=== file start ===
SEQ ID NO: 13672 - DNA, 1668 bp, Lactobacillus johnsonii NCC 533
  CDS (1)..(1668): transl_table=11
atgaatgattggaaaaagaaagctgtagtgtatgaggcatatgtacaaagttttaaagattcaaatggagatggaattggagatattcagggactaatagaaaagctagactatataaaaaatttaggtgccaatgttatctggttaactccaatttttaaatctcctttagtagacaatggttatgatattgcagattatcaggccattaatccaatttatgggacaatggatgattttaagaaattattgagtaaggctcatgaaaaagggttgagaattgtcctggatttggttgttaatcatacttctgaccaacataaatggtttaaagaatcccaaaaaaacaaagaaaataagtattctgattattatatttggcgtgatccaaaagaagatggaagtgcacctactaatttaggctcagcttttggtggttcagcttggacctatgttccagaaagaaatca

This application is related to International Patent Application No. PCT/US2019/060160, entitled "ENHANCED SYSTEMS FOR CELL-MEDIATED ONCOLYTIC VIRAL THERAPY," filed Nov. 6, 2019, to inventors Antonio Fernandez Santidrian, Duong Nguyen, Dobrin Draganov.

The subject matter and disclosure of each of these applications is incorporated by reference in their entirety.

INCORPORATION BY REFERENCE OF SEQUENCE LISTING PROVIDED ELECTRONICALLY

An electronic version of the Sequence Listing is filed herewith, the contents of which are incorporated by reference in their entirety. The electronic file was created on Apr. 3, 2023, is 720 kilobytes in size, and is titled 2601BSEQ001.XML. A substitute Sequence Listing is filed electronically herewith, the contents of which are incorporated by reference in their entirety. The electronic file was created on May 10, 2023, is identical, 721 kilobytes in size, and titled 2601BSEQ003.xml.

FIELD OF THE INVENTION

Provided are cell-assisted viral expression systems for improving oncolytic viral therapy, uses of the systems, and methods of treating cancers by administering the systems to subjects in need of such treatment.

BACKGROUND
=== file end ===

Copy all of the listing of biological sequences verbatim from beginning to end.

SEQ ID NO: 13672 - DNA, 1668 bp, Lactobacillus johnsonii NCC 533
  CDS (1)..(1668): transl_table=11
atgaatgattggaaaaagaaagctgtagtgtatgaggcatatgtacaaagttttaaagattcaaatggagatggaattggagatattcagggactaatagaaaagctagactatataaaaaatttaggtgccaatgttatctggttaactccaatttttaaatctcctttagtagacaatggttatgatattgcagattatcaggccattaatccaatttatgggacaatggatgattttaagaaattattgagtaaggctcatgaaaaagggttgagaattgtcctggatttggttgttaatcatacttctgaccaacataaatggtttaaagaatcccaaaaaaacaaagaaaataagtattctgattattatatttggcgtgatccaaaagaagatggaagtgcacctactaatttaggctcagcttttggtggttcagcttggacctatgttccagaaagaaatca

This application is related to International Patent Application No. PCT/US2019/060160, entitled "ENHANCED SYSTEMS FOR CELL-MEDIATED ONCOLYTIC VIRAL THERAPY," filed Nov. 6, 2019, to inventors Antonio Fernandez Santidrian, Duong Nguyen, Dobrin Draganov.

The subject matter and disclosure of each of these applications is incorporated by reference in their entirety.

INCORPORATION BY REFERENCE OF SEQUENCE LISTING PROVIDED ELECTRONICALLY

An electronic version of the Sequence Listing is filed herewith, the contents of which are incorporated by reference in their entirety. The electronic file was created on Apr. 3, 2023, is 720 kilobytes in size, and is titled 2601BSEQ001.XML. A substitute Sequence Listing is filed electronically herewith, the contents of which are incorporated by reference in their entirety. The electronic file was created on May 10, 2023, is identical, 721 kilobytes in size, and titled 2601BSEQ003.xml.

FIELD OF THE INVENTION

Provided are cell-assisted viral expression systems for improving oncolytic viral therapy, uses of the systems, and methods of treating cancers by administering the systems to subjects in need of such treatment.

BACKGROUND